The first history of the network of black juke joints that spawned rock 'n' roll through an unholy alliance between vice and entertainment.

About the Author

Preston Lauterbach lives with his wife and children in Memphis, Tennessee. The Chitlin' Circuit is his first book. He is at work on a history of Beale Street, the birthplace of the blues.

Product Details

ISBN:
9780393076523
Author:
Lauterbach, Preston
Publisher:
W. W. Norton & Company
Subject:
History & Criticism *
Subject:
Music -- History and criticism.
Subject:
Music-Rock History
Publication Date:
20110731
Binding:
HARDCOVER
Language:
English
Illustrations:
34 black-and-white illustrations
Pages:
352
Dimensions:
9.25 x 6.125 in

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Related Subjects

Arts and Entertainment » Music » General
Arts and Entertainment » Music » Genres and Styles » Rock
Arts and Entertainment » Music » Genres and Styles » Rock » Reference and Criticism
Arts and Entertainment » Music » History and Criticism
Science and Mathematics » Biology » General

The Chitlin' Circuit: And the Road to Rock 'n' Roll New Hardcover
0 stars - 0 reviews
$26.95 In Stock
Product details 352 pages W. W. Norton & Company - English 9780393076523 Reviews:
"Publishers Weekly Review" by , "Six years before a white Pennsylvanian named Bill Haley recorded 'Rock Around the Clock,' Roy Brown, a black singer and song writer from New Orleans, wrote 'Good Rockin' Tonight' as a radio jingle for a whorehouse. Haley and Elvis Presley, who recorded Brown's song, are enshrined in the Rock and Roll Hall of Fame, while Brown, who died in 1981, remains without the honor. Brown's story is just one stop on music journalist's Lauterbach's rollicking history of forgotten promoters and performers on the loosely organized chain of dance halls, juke joints, and night clubs catering to black audiences — it became known as the chitlin' circuit because chitterlings, the intestines of pigs, were a popular delicacy. Lauterbach's writing is as energetic as a Little Richard song (a performer who started on the chitlin' circuit and crossed over to national fame), although he falls victim to his own enthusiasm and loses momentum in an attempt to recount a litany of figures. Regardless, Lauterbach's first book is a rocking read and a deserving tribute to the people and places who were the foundations of rock and roll. (July)" Publishers Weekly Copyright PWxyz, LLC. All rights reserved.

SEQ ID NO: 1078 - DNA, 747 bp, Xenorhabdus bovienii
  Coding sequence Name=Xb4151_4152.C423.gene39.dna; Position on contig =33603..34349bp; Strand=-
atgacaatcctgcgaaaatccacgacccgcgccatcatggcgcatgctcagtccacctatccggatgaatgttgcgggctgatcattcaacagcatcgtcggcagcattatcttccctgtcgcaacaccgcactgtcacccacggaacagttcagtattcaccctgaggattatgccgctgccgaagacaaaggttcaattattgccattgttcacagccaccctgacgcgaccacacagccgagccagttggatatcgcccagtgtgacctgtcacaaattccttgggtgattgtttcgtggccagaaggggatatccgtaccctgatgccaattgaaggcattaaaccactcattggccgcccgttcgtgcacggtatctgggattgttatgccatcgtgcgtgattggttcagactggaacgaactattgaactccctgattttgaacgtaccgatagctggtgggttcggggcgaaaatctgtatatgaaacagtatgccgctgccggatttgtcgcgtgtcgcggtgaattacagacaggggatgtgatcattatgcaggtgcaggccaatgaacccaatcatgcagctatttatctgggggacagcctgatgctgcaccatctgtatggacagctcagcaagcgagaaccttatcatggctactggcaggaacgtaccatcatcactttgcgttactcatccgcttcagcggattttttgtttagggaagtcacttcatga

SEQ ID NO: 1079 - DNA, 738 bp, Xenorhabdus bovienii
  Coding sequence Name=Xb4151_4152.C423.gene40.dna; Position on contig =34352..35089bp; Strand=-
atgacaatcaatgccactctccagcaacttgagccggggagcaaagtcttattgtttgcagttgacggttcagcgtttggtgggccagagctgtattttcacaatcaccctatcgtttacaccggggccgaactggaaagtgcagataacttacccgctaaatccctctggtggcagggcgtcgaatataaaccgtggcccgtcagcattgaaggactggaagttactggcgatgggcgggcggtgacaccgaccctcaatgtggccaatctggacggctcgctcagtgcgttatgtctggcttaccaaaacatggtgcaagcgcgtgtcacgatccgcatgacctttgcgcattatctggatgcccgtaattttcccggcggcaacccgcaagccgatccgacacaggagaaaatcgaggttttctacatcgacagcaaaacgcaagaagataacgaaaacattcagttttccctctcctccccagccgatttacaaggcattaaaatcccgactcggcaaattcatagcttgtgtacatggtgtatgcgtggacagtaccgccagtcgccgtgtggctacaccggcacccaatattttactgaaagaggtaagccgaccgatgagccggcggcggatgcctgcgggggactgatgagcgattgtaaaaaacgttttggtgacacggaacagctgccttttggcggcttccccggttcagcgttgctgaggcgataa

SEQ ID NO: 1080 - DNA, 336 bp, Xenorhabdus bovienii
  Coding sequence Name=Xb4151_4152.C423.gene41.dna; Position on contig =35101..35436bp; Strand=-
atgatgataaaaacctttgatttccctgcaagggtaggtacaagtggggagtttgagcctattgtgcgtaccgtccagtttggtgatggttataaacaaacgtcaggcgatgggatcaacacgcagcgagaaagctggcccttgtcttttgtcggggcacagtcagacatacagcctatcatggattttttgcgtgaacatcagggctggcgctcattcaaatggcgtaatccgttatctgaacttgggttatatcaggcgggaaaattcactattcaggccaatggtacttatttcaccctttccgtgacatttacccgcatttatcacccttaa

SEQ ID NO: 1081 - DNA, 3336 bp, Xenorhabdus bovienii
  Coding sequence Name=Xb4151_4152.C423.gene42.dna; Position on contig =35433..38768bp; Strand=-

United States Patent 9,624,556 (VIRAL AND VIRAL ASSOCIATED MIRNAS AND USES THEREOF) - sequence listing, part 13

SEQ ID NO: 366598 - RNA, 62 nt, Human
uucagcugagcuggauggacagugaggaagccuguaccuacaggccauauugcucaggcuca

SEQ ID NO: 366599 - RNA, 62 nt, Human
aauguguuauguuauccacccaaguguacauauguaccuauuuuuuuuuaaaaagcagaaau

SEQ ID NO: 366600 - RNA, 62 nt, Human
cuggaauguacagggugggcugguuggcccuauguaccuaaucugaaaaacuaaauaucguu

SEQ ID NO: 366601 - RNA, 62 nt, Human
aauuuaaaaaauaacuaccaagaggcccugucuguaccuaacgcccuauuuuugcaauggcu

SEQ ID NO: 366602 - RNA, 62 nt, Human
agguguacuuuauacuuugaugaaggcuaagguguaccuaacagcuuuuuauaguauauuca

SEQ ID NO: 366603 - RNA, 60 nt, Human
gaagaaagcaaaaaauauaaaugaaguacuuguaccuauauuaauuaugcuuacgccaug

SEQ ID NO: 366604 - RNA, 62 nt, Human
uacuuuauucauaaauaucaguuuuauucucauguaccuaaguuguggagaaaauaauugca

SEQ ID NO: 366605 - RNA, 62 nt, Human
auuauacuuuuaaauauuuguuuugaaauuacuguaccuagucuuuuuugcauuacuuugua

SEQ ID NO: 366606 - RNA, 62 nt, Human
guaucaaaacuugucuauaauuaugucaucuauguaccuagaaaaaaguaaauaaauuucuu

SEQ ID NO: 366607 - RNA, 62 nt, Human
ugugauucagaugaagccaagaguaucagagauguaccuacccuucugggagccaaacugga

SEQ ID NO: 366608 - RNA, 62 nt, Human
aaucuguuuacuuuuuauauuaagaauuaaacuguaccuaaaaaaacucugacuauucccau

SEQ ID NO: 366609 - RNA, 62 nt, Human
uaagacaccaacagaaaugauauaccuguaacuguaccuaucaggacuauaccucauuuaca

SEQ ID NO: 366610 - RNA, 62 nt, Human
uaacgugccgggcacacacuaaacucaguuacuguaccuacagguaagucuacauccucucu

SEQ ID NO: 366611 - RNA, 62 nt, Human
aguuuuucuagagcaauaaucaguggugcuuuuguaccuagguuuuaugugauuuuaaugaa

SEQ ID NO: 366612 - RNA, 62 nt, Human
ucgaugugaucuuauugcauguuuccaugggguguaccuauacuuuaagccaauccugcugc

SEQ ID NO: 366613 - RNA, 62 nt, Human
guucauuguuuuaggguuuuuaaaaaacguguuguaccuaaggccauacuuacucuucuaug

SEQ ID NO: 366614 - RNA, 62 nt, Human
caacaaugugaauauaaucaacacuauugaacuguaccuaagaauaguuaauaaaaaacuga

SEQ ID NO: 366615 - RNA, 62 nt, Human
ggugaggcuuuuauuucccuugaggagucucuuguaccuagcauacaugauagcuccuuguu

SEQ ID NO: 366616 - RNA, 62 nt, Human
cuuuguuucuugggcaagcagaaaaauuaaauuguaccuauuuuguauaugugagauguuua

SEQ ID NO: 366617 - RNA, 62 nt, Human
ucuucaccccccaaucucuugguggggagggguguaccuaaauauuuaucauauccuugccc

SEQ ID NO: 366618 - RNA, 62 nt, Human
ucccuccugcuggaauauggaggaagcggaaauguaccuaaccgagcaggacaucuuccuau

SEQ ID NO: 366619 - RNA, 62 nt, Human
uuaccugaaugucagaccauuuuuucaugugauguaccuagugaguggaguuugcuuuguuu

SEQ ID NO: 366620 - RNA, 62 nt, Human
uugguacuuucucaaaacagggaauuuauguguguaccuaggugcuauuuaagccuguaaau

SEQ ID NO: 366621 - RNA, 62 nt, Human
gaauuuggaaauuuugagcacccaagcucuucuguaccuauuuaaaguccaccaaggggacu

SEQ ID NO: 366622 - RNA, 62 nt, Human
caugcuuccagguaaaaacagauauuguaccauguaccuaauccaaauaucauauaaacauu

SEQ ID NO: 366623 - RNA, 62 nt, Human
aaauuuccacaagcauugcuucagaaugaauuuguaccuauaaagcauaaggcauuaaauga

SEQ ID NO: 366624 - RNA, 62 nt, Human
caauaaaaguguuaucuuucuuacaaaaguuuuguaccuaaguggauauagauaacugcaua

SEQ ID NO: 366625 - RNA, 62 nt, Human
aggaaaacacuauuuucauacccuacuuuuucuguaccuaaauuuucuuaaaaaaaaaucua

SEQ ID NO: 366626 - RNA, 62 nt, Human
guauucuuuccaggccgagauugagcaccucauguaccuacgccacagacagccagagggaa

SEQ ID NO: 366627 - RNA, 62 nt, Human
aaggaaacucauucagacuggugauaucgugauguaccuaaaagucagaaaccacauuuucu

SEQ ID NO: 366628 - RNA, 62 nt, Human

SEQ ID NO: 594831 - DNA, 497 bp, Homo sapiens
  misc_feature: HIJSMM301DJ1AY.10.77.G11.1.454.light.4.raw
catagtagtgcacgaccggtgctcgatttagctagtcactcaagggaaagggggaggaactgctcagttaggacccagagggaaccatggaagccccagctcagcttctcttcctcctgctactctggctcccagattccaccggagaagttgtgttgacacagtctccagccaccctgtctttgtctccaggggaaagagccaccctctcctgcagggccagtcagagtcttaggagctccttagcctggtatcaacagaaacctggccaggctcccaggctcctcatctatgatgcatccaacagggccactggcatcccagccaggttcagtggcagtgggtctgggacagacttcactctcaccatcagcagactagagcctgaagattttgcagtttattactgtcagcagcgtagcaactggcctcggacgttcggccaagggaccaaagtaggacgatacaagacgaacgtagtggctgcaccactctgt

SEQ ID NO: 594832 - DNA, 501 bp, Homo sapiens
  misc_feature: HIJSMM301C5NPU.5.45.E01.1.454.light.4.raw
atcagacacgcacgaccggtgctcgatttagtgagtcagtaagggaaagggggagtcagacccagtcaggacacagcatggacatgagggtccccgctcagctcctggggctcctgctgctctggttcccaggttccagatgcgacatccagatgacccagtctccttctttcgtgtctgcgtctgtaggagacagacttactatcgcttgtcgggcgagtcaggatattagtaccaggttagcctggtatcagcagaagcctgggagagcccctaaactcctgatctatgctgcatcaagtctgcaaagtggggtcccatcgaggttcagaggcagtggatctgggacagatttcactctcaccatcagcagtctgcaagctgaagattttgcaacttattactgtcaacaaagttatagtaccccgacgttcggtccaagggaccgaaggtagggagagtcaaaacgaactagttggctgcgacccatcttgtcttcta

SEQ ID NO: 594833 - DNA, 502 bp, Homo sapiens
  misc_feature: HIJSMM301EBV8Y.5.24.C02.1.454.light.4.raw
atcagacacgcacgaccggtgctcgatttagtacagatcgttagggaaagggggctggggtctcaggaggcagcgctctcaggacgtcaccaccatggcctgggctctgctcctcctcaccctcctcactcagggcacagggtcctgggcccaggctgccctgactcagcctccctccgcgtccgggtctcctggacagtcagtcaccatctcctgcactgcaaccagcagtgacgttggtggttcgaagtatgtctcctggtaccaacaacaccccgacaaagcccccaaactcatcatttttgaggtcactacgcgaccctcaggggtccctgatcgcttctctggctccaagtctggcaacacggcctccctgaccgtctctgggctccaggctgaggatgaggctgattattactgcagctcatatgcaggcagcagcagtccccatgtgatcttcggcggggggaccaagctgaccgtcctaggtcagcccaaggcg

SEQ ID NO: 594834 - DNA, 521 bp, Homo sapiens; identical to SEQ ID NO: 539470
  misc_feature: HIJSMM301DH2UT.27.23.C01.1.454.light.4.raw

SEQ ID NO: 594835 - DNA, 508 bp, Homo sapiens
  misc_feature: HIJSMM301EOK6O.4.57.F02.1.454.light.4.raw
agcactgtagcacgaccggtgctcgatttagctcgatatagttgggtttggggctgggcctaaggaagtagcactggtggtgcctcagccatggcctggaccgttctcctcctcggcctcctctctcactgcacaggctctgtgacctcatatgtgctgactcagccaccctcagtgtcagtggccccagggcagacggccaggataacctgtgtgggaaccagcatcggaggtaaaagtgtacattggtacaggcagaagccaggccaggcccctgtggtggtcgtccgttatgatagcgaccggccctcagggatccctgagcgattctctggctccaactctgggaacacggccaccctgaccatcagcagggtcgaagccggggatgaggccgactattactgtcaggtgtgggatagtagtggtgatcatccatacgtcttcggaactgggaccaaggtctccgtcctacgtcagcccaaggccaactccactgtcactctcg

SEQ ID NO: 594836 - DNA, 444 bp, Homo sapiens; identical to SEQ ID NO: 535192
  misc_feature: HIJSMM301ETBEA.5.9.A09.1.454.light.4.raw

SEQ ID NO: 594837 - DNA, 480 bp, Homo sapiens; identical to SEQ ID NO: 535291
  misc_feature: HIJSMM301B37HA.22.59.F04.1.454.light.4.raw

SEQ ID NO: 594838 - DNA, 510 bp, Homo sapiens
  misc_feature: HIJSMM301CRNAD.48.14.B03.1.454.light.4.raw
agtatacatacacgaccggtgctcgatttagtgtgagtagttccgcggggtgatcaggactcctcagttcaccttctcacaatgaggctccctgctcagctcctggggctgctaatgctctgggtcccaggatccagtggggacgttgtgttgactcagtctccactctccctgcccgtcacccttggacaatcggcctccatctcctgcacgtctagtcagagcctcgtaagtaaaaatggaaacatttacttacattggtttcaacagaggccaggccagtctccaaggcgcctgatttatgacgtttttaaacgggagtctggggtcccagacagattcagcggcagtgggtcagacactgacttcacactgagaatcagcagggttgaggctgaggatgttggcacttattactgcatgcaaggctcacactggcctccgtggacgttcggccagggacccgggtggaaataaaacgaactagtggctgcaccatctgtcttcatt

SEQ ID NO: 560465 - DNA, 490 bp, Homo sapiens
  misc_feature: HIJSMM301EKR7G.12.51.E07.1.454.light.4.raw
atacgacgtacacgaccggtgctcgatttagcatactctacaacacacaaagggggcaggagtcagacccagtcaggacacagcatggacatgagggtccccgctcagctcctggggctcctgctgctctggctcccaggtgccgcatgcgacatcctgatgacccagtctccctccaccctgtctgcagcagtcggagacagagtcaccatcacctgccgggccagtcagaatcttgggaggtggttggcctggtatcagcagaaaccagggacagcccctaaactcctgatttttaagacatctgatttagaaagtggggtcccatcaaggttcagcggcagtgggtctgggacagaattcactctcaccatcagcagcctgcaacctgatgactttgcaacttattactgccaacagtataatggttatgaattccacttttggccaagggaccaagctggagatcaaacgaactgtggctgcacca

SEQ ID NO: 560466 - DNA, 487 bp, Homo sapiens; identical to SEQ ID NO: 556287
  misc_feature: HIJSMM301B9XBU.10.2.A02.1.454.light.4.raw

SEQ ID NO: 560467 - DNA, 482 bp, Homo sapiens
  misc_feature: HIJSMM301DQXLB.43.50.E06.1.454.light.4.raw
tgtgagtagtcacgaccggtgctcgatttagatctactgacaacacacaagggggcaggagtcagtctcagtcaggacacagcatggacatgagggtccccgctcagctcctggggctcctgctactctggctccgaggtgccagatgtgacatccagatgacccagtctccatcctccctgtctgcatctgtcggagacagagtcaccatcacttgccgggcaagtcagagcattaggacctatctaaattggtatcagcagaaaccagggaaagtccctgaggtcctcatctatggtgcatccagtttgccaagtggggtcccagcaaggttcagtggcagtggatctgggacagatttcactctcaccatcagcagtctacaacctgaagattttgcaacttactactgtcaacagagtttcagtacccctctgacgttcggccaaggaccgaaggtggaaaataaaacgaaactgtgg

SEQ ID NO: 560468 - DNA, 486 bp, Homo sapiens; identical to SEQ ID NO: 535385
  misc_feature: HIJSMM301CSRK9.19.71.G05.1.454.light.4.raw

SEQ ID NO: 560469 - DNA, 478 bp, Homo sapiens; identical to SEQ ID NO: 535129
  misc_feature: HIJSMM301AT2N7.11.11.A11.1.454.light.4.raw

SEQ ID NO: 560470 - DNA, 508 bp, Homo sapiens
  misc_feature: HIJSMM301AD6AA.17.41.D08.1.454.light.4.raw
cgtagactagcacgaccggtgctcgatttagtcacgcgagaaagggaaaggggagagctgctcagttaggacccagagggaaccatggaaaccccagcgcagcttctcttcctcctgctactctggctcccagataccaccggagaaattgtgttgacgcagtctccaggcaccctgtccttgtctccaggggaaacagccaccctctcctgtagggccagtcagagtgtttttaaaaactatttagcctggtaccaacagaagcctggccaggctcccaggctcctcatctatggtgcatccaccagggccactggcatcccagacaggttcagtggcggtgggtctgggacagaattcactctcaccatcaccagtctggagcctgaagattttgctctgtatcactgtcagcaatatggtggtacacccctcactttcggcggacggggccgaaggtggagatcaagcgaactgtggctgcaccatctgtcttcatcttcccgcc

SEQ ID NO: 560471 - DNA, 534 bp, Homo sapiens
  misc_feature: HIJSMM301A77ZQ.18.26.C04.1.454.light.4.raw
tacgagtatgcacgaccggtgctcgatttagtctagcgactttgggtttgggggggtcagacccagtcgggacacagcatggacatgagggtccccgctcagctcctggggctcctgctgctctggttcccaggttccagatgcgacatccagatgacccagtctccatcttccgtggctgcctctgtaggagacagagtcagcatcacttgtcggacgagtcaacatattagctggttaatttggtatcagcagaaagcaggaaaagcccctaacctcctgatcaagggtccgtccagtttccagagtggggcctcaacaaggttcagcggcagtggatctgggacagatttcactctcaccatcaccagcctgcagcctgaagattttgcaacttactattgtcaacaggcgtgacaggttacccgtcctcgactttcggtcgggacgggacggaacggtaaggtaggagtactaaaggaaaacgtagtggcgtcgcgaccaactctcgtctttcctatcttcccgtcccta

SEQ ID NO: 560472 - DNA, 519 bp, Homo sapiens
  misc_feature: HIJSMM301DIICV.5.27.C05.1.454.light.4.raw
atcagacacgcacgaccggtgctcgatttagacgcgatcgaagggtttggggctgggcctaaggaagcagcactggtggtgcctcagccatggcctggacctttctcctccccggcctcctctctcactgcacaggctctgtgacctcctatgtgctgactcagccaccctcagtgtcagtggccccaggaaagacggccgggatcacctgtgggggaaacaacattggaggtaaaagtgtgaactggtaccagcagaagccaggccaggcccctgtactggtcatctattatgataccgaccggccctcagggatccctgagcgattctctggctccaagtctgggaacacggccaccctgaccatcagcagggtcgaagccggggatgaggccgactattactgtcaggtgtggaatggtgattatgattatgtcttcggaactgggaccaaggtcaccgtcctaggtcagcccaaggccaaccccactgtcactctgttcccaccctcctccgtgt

"Review A Day" by , "It's 1951, and a group of teenagers who call themselves the Kings of Rhythm are motoring up Highway 61 from the Mississippi Delta, their instruments tied to the top of the car. A 19-year-old named Ike Turner is driving, and he and the band are on their way to Memphis when they hit a bump that sends their equipment flying. Turner and the others hail from Clarksdale, where poor folks make instruments out of wire and broomsticks, so when they discover a fracture in their amplifier, they just patch it and shoulder on." (Read the entire Christian Science Monitor review)
"Synopsis" by , The first history of the network of black juke joints that spawned rock 'n' roll through an unholy alliance between vice and entertainment.
"Synopsis" by , Chosen by The Wall Street Journal as one of the Top Ten Non-Fiction books of 2011
Chosen by The Boston Globe as one of Top Non-Fiction books of 2011
An NPR Best Music Book of 2011
An Onion AV Club Best Book of 2011

The first history of the network of black juke joints that spawned rock 'n' roll through an unholy alliance between vice and entertainment.